Studies are definitely showing some effects of fluoride, but the debate continues. The pro-fluoridation argument is generally flawed in that they are basing the burden of proof on the safety of fluoride, whereas if you are going to be adding something that everyone will be consuming you ought to be %100 certain it is safe and effective.

It is clearly not the case that sodium fluoride (nor hexafluorosilicic acid) is %100 safe and effective.
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Old 11-17-2008, 07:57 AM   #8
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Re: Chemistry question: hydrogen fluoride and silicon tetrafluoride

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So to be clear then, the two chemicals mentioned are not actually combining with each other but rather reacting to the water to turn into hydrofluorosilicic acid and hexafluorosilicic acid?
They do react with each other, but the reaction is ionic opposed to covalent. So they don't really "combine" - they just sort of bump in to each other to form Hydrofluorosilicic acid. But the real key to the reaction is the formation of the hexafluorosilicate anion. I'll elaborate a little.

Because the Silicon atom is large compared to the 4 Fluorine atoms that surround it, H2O and HF are capable of hybridizing with the inner electrons of the Si atom (something that isn't possible in most reactions). The reactions occur like this:

SiF4 + H2O ---> SiF3OH + HF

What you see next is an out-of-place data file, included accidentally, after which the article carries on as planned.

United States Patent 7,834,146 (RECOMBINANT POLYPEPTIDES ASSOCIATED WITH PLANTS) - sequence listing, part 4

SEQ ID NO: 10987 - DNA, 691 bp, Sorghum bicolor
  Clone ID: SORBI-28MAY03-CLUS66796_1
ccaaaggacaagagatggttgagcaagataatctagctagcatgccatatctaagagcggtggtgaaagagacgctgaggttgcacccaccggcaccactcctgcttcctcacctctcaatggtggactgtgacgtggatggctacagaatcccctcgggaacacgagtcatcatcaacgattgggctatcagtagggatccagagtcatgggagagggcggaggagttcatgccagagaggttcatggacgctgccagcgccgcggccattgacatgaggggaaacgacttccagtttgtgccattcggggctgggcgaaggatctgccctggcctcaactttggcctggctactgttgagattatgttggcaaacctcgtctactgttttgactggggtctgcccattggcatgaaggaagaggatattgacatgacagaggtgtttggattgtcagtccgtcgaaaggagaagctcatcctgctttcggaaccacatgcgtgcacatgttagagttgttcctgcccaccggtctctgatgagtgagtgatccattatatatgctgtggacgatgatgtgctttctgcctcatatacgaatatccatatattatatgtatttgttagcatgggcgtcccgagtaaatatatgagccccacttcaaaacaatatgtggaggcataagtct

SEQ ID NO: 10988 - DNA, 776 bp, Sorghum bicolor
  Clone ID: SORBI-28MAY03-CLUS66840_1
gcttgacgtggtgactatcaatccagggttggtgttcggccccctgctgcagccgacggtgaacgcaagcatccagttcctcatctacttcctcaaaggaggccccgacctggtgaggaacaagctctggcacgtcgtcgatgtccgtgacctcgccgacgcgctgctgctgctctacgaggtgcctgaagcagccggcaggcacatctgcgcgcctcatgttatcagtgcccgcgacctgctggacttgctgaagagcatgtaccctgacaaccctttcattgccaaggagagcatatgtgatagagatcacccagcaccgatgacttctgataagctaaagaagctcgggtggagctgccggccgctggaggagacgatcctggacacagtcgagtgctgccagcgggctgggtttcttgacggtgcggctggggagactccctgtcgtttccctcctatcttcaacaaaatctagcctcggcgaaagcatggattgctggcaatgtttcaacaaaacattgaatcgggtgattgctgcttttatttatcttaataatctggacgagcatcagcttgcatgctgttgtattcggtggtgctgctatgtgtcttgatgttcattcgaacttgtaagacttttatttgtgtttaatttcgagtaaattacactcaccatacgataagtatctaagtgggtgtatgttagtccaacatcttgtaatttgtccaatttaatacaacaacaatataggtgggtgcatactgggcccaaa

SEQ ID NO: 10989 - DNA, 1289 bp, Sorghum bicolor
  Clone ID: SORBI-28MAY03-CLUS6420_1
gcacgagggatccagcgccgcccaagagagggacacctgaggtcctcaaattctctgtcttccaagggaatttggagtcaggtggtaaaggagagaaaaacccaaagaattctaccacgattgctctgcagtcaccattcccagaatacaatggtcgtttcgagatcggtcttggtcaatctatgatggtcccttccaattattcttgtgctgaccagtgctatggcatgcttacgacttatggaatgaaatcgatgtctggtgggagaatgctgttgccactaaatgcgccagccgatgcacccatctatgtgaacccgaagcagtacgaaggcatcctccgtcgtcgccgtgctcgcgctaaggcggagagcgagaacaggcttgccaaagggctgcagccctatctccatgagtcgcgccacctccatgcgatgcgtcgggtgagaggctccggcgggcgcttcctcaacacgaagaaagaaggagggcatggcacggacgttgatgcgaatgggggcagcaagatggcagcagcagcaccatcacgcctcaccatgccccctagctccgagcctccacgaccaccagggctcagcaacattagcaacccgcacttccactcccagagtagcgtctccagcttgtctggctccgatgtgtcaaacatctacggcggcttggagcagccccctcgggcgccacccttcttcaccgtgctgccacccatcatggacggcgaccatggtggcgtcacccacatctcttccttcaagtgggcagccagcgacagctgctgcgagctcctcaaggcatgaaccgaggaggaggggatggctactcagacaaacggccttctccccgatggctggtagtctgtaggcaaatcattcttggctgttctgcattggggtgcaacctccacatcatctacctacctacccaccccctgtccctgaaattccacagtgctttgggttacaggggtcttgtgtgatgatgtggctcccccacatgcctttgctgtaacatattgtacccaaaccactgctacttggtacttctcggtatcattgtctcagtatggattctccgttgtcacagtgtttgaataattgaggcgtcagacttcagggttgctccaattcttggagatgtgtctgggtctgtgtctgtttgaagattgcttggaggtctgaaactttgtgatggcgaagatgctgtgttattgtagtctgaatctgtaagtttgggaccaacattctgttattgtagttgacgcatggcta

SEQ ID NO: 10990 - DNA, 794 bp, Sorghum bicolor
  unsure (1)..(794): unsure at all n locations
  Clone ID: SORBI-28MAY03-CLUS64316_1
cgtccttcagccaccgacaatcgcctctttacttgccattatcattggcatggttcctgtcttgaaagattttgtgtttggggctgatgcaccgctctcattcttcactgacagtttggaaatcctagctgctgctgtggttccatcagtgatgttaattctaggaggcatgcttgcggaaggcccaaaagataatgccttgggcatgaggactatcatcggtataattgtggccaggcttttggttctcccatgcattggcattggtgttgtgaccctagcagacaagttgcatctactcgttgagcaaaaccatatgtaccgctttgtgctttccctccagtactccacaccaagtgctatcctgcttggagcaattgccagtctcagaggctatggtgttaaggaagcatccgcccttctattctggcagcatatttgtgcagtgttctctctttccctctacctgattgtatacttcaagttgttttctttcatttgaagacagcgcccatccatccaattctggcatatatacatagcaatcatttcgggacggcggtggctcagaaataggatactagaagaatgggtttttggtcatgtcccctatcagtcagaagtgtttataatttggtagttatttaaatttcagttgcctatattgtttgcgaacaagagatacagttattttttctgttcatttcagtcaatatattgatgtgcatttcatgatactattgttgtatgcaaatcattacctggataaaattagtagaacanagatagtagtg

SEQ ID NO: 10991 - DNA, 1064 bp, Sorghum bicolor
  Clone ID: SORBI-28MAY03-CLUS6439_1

SiF4 + 2HF ---> SiF6[2-] + 2H[+]

**It looks as though only the 2nd equation is needed to describe the reaction between SiF4 and HF to create the acid. But I think (and I'm really not sure and need someone to back me up on this) H2O more readily reacts with SiF4 to create SiF3OH. This would allow SiF3OH to react at a lower energy to create SiF6[2-]**

The reaction that occurs when you add HF to an aqueous solution is:

HF + H2O <---> H[+] + OH[-] + F[-]

If you combine all of the above reactions you get something like this:

2SiF4 + 2HF + H2O <---> SiF3OH + SiF6[2-] + F[-] + 2H[+]

The above equation can be written in a bunch of different ways, but I think the way I wrote it best shows all of the different "parts" of a Hexafluorosilic acid equilibrium solution. Notice that the SiF6[2-] anion can ionically bond with the 2 hydrogen cations. But since this is an equilibrium solution there are other reactions taking place simultaneously. SiF3OH can take those 2 H[+] cations and create SiF3[-] and H2O; or F[-] can combine with H[+] to get back to HF.

So that was probably more than you wanted to know but I was bored an felt like testing my knowledge of chemistry. On that note I could be completely wrong, can anyone check this?